The engine was leaned out about a 1/4 turn on the needle valve and the Sailplane was launched again. The engine was screaming all the way up the power climb, but I got "gun shy" as the image of the Sailplane grew smaller and I cut the engine prematurely around 29 or 30 seconds. The duration of this second flight 7 min 13 sec.
About half of the down trim was used in the power climb and most of the up trim is used in the glide. The Sailplane transitions well and really glides beautifully with no bad handling tendencies that I could detect. Once trimmed, the Sailplane is as steady as a rock and with no tendencies to roll off to either side. The turns are smooth and the model recovers almost hands off. Also the model did not try to stall or porpoise.
On the third flight, the needle valve was not touched. Again the engine ran extremely well (at peak rpm) during the power climb. The Sailplane stayed in the groove all the way up for the full to the 35 sec engine run. I chopped the throttle at 34 sec and the McCoy 60 cut off at exactly 35 sec. Again the Sailplane transitioned smoothly. The elevator trim was adjusted and a flat glide was established with a heading into the NE. In the early morning air, the Sailplane just seemed to hang there motionless. No particular control was necessary as the Sailplane was truly in a free flight mode. As my good friend Dick Huang used to say, "Just park it up there Tandy until you get your Max and then bring her down and we'll do it again" ! The flight time on this third flight was 9 min 7 sec and that is a Max in dead air. With any lift at all, this Sailplane will have no trouble staying up 15 min or more. Guys, it has been a long time coming, but at last the Sailplane is now fully flight tested and ready for the 2010 SAM Champs, thanks to George Grant's help.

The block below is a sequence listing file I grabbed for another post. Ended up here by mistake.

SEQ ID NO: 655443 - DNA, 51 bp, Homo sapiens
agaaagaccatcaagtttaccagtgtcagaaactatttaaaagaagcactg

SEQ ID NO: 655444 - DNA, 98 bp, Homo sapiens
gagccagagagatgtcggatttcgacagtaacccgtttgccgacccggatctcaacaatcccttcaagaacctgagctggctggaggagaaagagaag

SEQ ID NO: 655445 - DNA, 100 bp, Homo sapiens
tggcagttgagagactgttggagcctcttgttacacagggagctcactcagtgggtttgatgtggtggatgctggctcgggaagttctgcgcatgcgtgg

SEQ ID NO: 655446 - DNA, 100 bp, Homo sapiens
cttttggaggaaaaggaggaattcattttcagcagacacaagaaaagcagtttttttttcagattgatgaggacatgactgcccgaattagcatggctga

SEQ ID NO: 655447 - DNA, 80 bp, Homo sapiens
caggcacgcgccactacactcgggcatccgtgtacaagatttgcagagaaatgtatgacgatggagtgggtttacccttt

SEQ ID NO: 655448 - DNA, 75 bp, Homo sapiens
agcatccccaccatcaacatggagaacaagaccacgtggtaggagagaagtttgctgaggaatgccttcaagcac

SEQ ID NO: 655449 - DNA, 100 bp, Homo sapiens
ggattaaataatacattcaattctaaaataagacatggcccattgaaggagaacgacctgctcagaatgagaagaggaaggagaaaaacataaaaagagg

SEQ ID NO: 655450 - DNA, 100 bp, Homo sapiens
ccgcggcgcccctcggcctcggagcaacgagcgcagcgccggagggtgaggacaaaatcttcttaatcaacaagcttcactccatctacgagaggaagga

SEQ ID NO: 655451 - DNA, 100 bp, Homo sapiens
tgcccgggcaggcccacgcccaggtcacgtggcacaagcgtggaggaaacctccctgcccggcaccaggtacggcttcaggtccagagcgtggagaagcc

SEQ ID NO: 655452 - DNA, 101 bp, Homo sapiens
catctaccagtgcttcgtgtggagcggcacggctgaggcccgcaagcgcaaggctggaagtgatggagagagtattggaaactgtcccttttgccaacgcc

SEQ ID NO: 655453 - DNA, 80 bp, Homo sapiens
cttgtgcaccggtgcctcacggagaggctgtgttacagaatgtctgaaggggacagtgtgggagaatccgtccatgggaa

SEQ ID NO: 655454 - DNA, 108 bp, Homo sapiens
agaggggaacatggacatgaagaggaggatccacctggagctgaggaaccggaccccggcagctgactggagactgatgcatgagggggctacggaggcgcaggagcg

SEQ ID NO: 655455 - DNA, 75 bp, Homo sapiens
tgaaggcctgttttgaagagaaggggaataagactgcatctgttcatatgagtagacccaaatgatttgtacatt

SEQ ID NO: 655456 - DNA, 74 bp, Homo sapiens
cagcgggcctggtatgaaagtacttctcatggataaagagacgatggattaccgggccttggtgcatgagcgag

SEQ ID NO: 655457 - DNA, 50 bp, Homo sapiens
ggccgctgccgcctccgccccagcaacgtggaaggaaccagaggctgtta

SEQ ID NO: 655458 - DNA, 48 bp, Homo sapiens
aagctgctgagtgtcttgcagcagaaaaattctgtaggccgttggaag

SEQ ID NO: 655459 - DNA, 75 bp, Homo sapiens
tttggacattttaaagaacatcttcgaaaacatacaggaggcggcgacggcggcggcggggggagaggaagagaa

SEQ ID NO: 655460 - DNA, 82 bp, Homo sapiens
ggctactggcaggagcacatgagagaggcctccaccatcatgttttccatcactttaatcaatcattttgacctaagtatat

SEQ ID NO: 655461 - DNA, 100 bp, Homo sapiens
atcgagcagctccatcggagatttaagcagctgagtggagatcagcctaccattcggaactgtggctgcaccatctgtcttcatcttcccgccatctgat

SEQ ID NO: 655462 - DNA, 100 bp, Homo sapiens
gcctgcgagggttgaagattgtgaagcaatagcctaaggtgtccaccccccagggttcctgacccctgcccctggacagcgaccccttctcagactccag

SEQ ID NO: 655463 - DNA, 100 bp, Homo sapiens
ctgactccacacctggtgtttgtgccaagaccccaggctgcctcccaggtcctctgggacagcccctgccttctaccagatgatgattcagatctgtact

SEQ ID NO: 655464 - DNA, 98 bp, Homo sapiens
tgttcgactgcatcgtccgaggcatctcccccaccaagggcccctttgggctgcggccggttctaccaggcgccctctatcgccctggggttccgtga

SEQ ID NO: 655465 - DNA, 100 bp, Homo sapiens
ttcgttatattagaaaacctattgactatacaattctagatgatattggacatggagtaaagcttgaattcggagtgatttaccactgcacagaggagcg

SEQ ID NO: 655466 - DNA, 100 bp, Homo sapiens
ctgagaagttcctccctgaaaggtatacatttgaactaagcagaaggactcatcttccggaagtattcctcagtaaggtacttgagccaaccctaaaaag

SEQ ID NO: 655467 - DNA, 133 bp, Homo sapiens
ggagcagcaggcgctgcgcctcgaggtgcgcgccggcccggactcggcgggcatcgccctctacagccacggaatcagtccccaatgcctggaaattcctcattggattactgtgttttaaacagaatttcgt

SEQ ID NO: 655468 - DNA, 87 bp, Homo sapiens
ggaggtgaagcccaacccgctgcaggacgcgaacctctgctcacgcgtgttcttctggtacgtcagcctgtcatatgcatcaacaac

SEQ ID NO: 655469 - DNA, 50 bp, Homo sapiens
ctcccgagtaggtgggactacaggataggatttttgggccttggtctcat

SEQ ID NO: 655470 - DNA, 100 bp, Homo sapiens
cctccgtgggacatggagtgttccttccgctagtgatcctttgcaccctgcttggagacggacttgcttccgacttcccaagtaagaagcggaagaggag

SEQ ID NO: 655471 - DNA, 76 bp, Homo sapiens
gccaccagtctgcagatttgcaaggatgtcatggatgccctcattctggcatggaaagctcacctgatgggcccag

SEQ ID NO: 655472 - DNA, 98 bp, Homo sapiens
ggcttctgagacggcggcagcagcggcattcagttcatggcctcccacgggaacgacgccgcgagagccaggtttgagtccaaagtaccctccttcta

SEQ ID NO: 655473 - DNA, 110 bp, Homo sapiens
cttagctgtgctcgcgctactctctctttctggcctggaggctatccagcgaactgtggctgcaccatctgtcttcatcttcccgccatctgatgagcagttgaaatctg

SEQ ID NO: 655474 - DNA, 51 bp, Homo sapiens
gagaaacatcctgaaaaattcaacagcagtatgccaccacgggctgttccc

By the way, George took some really good pictures this morning that I want to share with you all..........................
The Sailplane at the Top of the 35 sec Power Climb
This is Really a Great Close Up of the Sailplane Taken from the Picture Above
(It is hard to Describe Just how Smooth and Stable the Sailplane is.)